Chief Justice Presides Over APRC Election Petition

By Mamadou Dem

The Chief Justice of The Gambia, Emmanuel O Fagbenle, on Wednesday, 21 December, 2016 in his chambers presided over a chief-justicepetition filed by the ruling party, Alliance for Patriotic Re-Orientation and Construction (APRC) against the Independent Electoral Commission (IEC).

The petition is challenging the outcome of the December 2 Presidential Elections which declared the opposition coalition as the winner.   

When the case was called for mention, Barrister Edward Gomez announced his representation for the petitioner Alliance for Patriotic Re-orientation and Construction (APRC) while Saffie Sankareh, Solicitor General and Legal Secretary and K- Tah Kimbeng appeared for the 2nd respondent (Attorney General). However, the 1st respondent, Independent Electoral Commission (IEC) weren’t in court.

The clerk of the court confirmed to the Chief Justice that the IEC weren’t served with the petition. Consequently, the Chief Justice ordered for the IEC to be served without objection from both parties and subsequently, the matter was adjourned till 10 January, 2016 for further mention and hearing respectively.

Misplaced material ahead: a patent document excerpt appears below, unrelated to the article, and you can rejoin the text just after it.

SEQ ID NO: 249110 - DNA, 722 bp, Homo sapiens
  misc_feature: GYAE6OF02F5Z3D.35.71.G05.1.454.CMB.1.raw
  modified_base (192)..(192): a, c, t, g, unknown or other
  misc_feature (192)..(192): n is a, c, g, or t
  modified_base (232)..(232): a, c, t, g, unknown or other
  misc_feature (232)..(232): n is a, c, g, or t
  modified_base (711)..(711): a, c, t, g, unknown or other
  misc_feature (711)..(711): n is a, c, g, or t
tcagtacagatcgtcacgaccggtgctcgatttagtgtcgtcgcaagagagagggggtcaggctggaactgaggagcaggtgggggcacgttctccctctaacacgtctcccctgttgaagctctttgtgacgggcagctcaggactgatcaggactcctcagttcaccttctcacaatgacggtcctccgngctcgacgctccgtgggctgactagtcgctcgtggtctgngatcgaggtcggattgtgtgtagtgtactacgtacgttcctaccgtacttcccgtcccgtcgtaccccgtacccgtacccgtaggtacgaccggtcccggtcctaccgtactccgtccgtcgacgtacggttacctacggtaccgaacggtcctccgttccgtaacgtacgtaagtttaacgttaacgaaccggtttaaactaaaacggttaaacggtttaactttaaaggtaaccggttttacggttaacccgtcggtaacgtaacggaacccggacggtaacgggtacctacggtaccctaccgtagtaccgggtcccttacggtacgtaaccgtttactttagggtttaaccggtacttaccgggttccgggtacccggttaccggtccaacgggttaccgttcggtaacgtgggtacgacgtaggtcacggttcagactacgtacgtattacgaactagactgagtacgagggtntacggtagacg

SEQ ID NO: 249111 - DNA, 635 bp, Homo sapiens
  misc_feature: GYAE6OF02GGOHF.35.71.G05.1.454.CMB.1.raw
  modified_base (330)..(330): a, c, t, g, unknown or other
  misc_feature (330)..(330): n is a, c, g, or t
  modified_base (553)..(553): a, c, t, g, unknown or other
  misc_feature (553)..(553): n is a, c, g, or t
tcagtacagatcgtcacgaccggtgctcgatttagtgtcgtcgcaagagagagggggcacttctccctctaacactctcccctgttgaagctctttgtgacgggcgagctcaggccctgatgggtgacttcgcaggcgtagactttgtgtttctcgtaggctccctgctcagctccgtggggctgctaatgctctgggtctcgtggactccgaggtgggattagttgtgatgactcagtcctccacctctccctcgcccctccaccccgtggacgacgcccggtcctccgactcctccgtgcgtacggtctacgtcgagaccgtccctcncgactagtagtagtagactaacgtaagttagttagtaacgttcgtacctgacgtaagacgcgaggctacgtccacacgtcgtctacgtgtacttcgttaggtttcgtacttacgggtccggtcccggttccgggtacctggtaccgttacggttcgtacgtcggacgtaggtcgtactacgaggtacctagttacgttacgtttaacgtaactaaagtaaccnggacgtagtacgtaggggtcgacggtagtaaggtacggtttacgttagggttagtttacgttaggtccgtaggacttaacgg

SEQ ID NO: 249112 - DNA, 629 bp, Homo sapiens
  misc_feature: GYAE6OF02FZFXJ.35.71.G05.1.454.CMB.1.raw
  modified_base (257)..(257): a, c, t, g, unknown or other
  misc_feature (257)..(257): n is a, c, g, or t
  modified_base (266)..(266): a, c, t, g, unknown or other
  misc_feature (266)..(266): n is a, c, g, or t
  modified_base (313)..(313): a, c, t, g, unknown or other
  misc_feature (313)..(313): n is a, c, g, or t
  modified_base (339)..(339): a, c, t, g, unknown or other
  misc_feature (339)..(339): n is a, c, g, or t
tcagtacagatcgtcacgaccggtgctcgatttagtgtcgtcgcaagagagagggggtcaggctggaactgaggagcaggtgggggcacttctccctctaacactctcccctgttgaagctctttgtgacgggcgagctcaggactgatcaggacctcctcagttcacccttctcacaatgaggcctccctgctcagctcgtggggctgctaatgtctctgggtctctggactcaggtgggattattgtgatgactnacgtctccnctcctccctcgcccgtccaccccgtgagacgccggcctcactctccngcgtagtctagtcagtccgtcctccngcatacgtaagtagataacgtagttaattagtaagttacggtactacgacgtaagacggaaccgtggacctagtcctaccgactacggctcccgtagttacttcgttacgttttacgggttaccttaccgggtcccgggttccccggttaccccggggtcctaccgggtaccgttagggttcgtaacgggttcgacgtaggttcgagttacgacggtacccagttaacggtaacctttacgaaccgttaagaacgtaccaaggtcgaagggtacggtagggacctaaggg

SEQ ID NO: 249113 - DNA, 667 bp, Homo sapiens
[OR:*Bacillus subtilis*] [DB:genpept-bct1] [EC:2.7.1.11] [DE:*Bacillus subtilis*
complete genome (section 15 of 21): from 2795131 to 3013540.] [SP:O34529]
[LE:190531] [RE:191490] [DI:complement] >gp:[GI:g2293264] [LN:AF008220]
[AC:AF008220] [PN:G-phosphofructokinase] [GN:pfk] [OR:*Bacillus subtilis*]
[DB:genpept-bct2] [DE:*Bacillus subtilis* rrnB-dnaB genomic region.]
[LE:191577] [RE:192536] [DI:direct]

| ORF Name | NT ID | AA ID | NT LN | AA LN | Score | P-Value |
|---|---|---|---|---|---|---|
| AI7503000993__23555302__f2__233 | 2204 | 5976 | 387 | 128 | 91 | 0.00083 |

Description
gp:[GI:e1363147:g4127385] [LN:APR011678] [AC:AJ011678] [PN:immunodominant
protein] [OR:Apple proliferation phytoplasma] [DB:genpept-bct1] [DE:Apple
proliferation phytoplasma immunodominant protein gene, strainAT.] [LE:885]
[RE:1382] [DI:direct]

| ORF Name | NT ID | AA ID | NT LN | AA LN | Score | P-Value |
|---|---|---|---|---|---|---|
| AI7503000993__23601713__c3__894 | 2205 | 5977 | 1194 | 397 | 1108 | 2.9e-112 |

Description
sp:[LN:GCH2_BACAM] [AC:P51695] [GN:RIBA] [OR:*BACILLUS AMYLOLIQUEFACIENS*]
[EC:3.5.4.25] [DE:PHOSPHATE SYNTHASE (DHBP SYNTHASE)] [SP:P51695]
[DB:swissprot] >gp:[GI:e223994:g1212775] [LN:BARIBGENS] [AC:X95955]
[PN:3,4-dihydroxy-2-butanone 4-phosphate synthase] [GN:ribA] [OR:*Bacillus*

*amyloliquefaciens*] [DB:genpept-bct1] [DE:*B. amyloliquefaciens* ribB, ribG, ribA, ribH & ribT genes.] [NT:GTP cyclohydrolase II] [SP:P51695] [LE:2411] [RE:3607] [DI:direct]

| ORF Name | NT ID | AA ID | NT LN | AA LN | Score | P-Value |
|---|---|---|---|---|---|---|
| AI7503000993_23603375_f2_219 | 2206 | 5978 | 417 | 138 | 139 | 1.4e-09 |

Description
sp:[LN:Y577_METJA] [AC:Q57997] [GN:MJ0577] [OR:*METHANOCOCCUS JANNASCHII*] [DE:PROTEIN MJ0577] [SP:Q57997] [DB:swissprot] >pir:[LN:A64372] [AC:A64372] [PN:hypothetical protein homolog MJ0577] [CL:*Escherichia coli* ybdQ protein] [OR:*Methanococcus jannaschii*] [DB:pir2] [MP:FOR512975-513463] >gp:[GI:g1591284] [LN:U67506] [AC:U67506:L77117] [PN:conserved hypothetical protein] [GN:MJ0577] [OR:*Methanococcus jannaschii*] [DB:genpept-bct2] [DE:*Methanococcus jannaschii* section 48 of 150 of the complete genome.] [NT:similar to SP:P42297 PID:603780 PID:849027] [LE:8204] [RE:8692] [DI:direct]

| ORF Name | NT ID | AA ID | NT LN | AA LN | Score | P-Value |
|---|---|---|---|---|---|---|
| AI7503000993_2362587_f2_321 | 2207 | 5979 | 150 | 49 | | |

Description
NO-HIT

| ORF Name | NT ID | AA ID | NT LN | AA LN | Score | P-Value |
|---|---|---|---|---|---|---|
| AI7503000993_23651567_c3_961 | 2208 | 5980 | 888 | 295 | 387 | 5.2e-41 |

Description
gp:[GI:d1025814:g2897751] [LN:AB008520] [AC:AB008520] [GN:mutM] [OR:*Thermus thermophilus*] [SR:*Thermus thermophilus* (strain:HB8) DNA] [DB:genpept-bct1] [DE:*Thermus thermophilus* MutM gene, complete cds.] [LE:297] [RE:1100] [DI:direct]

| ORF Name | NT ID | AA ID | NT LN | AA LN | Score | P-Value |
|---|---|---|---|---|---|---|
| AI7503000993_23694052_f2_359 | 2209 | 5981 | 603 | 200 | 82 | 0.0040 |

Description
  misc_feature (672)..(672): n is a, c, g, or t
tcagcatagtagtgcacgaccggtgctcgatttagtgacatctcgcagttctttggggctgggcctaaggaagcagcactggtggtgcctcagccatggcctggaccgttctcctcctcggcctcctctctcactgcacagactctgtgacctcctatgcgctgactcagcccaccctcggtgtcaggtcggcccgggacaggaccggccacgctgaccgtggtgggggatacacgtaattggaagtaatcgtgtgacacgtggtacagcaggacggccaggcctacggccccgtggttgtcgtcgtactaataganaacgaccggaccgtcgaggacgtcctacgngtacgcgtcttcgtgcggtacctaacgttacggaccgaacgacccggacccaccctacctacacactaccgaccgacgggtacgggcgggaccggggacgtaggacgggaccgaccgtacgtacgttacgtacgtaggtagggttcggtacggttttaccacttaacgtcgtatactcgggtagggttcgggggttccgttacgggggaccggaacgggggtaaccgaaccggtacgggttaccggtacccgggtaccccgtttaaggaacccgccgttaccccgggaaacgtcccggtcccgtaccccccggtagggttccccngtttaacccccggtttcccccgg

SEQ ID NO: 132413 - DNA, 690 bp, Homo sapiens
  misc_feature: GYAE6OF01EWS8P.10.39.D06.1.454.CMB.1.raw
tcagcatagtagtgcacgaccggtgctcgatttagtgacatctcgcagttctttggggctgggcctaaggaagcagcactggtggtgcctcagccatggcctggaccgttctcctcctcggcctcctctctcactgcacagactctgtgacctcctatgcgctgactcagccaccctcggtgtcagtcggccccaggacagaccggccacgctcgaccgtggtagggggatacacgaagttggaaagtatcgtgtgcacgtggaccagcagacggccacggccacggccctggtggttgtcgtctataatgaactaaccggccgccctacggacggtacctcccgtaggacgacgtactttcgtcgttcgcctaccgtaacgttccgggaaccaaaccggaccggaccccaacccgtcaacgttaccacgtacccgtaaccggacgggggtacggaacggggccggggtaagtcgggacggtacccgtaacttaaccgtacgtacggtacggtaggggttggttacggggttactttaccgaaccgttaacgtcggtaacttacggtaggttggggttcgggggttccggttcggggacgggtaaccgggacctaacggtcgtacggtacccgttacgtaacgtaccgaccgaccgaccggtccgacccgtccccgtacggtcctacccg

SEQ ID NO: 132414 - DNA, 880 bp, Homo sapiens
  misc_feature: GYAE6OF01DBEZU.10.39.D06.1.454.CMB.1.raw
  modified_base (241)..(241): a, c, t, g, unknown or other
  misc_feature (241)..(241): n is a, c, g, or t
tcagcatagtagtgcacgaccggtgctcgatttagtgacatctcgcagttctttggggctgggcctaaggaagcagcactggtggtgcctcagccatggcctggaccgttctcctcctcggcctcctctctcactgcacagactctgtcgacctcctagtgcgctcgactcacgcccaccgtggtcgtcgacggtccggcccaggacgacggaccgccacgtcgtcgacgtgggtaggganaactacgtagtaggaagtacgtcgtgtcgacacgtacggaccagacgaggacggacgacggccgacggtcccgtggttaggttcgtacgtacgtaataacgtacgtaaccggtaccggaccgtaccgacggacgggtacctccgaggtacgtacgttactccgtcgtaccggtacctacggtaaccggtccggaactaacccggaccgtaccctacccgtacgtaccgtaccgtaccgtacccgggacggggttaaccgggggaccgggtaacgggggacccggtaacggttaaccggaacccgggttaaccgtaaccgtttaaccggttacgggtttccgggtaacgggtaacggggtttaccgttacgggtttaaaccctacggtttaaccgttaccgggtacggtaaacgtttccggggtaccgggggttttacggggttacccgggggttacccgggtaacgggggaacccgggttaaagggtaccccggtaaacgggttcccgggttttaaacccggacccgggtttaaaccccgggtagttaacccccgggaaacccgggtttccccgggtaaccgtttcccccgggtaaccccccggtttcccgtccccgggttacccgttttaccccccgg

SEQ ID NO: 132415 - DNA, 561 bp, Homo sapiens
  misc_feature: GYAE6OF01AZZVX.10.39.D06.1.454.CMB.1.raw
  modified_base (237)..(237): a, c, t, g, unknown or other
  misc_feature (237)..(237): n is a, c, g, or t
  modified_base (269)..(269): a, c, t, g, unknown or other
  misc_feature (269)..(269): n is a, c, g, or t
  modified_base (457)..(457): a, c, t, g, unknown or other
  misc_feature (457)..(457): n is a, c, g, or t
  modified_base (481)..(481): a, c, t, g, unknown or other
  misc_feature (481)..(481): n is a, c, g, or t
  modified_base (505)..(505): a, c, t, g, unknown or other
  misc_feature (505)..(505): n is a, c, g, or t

The remarks of the President of the Gambia Bar Association that there are only two supreme court judges while the court requires five judges to preside over the petition generated much discussion on the matter by the public. The Chief Justice had something to say about it.

According to Justice Fagbenle, the Judiciary had appointed judges from Nigeria and Sierra Leone respectively since July 2016 and they are now waiting for the Judicial Service Commissions (JSC) of the said countries to release them to The Gambian Judiciary; adding that it was already time for Presidential elections in The Gambia that’s why they couldn’t bring the judges but they’ve already notified them to come. As a single judge, “I can sit over interlocutory matters,” said Justice Fagbenle.

Justice Fagbenle further said that the judicial system of The Gambia has a structure and for the past years they’ve been securing judges from the sub-region, namely Ghana, Nigeria, Pakistan amongst others. He said Ghana one time intimated to the Gambian judiciary that they can’t release judges to The Gambia due to “shortage of personnel.”

Regarding subsequent proceedings he said that after all parties have filed their briefs of argument the matter would be further mentioned again.